If you have not experimented with or solely rely on toe socks you are mistaken. Ok, so that may be tad bit of a stretch, but toe socks are amazing. I still have a various selection of socks at my disposable, but if for any big run I do not have clean toe socks I am severely disappointed with myself. I first picked up a pair of Injinji toe socks out of curiosity, using them mostly for trail runs, but also to help break in my first pair of Vibram FiveFingers. Ended up not needing them for the FiveFingers, but they soon found themselves in heavy rotation. The socks themselves were a really good blend of nylon and polyester with no extra fluff so the toes being separate were almost a non-factor. The socks really came into their own while hiking a section of the the Appalachian Trail. The trip consisted of 466 miles from the start in GA to Damascus,VA.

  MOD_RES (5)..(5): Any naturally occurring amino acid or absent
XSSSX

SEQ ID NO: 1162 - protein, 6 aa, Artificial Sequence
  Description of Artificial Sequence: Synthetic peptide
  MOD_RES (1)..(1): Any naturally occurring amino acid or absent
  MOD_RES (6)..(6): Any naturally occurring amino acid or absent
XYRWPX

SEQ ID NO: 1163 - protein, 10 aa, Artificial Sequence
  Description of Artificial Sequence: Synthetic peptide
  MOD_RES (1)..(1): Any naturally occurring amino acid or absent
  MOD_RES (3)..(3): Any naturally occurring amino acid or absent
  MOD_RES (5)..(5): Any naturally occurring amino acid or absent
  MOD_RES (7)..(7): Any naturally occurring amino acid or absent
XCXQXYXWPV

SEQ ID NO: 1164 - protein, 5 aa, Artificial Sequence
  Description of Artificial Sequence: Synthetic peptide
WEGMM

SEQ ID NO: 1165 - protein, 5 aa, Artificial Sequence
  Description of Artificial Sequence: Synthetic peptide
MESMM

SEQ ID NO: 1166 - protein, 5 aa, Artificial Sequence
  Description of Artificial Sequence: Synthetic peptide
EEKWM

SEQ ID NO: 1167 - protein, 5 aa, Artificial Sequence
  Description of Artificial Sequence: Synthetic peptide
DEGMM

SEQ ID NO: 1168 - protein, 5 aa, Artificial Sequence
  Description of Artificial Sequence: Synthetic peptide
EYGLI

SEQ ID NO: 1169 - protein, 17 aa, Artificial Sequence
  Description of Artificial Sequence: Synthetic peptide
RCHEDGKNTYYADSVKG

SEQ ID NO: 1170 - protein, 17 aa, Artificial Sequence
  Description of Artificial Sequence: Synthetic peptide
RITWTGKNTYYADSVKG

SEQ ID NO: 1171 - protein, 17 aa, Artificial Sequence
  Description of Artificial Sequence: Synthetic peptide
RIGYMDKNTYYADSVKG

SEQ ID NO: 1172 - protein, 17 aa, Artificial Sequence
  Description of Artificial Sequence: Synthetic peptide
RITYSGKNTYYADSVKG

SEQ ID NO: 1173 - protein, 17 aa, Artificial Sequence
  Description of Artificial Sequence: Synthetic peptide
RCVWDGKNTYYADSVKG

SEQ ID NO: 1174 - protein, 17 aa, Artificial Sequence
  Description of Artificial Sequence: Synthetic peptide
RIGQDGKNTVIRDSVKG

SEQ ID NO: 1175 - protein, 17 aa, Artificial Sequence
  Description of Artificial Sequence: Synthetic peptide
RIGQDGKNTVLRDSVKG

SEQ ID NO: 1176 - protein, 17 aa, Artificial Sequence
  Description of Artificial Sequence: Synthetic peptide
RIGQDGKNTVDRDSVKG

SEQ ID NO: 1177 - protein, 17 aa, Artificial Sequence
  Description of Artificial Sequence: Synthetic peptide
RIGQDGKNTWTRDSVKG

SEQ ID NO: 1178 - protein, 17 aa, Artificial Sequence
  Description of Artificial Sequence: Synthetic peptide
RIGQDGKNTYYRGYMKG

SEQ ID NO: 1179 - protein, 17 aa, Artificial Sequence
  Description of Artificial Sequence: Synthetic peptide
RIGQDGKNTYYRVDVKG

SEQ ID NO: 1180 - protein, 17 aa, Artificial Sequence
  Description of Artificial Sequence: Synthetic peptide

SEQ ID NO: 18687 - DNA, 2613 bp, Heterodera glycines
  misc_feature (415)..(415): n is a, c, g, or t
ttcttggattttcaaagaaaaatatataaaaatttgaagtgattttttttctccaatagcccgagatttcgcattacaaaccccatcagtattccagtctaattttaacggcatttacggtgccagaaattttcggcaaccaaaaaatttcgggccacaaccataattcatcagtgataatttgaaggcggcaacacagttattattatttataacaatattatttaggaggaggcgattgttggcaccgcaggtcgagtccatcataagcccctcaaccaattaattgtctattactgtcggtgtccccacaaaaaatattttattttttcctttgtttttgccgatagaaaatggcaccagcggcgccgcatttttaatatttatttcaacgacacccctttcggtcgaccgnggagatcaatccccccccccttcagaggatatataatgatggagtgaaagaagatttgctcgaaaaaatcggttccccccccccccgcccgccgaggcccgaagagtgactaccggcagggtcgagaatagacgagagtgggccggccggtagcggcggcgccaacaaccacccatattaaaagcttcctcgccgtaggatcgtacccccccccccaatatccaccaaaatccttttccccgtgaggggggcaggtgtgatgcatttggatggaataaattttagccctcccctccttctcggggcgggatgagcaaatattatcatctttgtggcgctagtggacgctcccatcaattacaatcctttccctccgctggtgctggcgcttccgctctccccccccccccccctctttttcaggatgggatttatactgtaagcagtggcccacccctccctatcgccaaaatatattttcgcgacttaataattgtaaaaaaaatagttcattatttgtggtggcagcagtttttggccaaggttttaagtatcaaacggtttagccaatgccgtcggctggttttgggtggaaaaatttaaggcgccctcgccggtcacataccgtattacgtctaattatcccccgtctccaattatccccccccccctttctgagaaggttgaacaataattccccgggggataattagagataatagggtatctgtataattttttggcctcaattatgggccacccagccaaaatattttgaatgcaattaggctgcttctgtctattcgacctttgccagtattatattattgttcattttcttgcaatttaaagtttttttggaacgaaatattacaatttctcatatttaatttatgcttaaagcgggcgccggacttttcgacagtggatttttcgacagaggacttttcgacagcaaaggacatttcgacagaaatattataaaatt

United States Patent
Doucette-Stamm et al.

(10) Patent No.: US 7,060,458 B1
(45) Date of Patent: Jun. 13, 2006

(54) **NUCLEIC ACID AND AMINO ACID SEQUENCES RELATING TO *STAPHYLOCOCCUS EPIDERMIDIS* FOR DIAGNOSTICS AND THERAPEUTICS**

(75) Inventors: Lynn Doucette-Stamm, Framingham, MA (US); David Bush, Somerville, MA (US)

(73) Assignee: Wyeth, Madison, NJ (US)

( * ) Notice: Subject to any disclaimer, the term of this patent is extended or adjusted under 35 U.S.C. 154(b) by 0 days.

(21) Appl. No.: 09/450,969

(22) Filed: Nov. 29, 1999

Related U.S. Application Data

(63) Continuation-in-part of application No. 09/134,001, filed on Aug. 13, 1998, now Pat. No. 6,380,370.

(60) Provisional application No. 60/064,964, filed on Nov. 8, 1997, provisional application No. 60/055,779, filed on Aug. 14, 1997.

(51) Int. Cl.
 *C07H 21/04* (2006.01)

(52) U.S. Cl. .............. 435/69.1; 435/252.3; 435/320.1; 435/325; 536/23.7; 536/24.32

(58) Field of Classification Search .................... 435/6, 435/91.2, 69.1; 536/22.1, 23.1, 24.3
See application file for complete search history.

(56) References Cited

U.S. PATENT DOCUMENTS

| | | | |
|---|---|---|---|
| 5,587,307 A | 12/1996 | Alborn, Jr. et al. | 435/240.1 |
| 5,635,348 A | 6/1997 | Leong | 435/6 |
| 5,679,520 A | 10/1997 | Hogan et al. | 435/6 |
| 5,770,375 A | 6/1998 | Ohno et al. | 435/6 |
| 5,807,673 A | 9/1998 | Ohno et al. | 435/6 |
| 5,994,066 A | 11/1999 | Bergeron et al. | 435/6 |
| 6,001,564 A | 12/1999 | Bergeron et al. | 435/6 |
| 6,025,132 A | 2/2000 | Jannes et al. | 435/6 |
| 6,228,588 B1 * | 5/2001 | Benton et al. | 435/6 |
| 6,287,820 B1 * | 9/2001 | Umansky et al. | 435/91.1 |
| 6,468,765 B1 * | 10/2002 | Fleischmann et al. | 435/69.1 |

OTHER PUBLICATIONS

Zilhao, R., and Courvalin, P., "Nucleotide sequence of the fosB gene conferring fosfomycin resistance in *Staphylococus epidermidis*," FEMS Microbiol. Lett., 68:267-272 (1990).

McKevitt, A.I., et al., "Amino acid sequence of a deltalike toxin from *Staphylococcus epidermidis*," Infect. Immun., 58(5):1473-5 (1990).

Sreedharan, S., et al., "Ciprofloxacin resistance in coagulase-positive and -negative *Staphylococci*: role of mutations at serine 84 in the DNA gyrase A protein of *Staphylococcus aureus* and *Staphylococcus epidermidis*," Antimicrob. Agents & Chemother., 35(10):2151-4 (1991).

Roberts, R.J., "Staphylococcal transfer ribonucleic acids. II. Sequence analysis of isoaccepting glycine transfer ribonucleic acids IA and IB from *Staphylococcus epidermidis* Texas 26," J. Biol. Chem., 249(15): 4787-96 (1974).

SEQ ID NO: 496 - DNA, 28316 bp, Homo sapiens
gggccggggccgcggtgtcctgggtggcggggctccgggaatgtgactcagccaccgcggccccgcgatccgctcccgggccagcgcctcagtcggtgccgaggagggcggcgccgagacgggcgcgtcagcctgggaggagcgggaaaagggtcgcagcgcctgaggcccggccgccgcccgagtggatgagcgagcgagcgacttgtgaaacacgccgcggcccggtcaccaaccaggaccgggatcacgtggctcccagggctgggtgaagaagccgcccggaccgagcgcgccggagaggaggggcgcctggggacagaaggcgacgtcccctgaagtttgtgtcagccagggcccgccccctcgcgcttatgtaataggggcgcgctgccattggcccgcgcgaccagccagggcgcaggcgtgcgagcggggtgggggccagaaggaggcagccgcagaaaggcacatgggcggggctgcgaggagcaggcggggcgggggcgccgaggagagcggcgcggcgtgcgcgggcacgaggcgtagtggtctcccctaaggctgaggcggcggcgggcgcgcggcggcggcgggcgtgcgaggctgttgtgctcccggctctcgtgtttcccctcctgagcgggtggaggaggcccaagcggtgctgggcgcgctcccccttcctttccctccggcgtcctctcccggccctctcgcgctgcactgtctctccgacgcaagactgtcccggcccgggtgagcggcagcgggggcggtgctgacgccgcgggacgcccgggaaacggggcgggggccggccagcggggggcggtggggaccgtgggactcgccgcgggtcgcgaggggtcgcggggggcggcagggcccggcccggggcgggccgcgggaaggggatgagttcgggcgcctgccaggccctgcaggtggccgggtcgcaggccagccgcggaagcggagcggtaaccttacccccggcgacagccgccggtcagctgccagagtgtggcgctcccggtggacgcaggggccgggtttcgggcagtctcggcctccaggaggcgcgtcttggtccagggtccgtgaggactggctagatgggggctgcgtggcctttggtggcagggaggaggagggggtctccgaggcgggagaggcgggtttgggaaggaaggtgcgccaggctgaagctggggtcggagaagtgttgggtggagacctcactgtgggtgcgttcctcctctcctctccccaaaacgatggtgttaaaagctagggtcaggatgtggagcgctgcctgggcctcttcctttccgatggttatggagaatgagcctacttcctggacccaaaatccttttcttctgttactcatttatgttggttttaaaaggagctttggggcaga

I had brought them along as backup socks and to use with my new Chaco’s in case of rubbing. After the first week of hiking in mostly rain and crappy weather, my good friend Kevin and I were exhausted. I won’t go in detail with that trip, saving that for another post, so long story short we met this “crazy gear lady” as we call her. She starting talking about cuben fiber, homemade tents, packs, down sleeping bags and toe socks. Everything was interesting, I learned a lot, but the toe socks got me further interested. She began to explain how the toe socks solved her blister issues hiking through the horrible weather experienced on the trail at that time. This hit home, since my outer two toes sit under my other toes, they were constantly getting squished and blistered with the high milage under wet conditions. Next day, my Injinji’s relieved the still awesome Smartwool socks I was using. I even picked up a 2nd pair of toe socks when I purchased new hiking shoes, Brooks Cascadia 8. These toe socks were actually made by Smartwool, so I was excited to have wool back in rotation. Between these 2 brands of toe socks my toes showed immediate relief. The blisters hardened and even while hiking in the rain, they never reformed. I was hooked, and finally began getting used to the look of the socks. Both brands do really well, but I decided to side with Injini since Smartwool’s were more expensive and did not seem to last as long. Twice a year, for my birthday and Christmas, Injinji toe socks increase their control of my sock drawer. Yes, I do get some funny looks every once in a while, but their benefits outweigh the stares, so I continue to wear them. But every once in a while my mom or brother’s girlfriend reminds me they had toe socks growing up with fur or multiple colors. I don’t have much of a defense for this one, except “but these are cooler”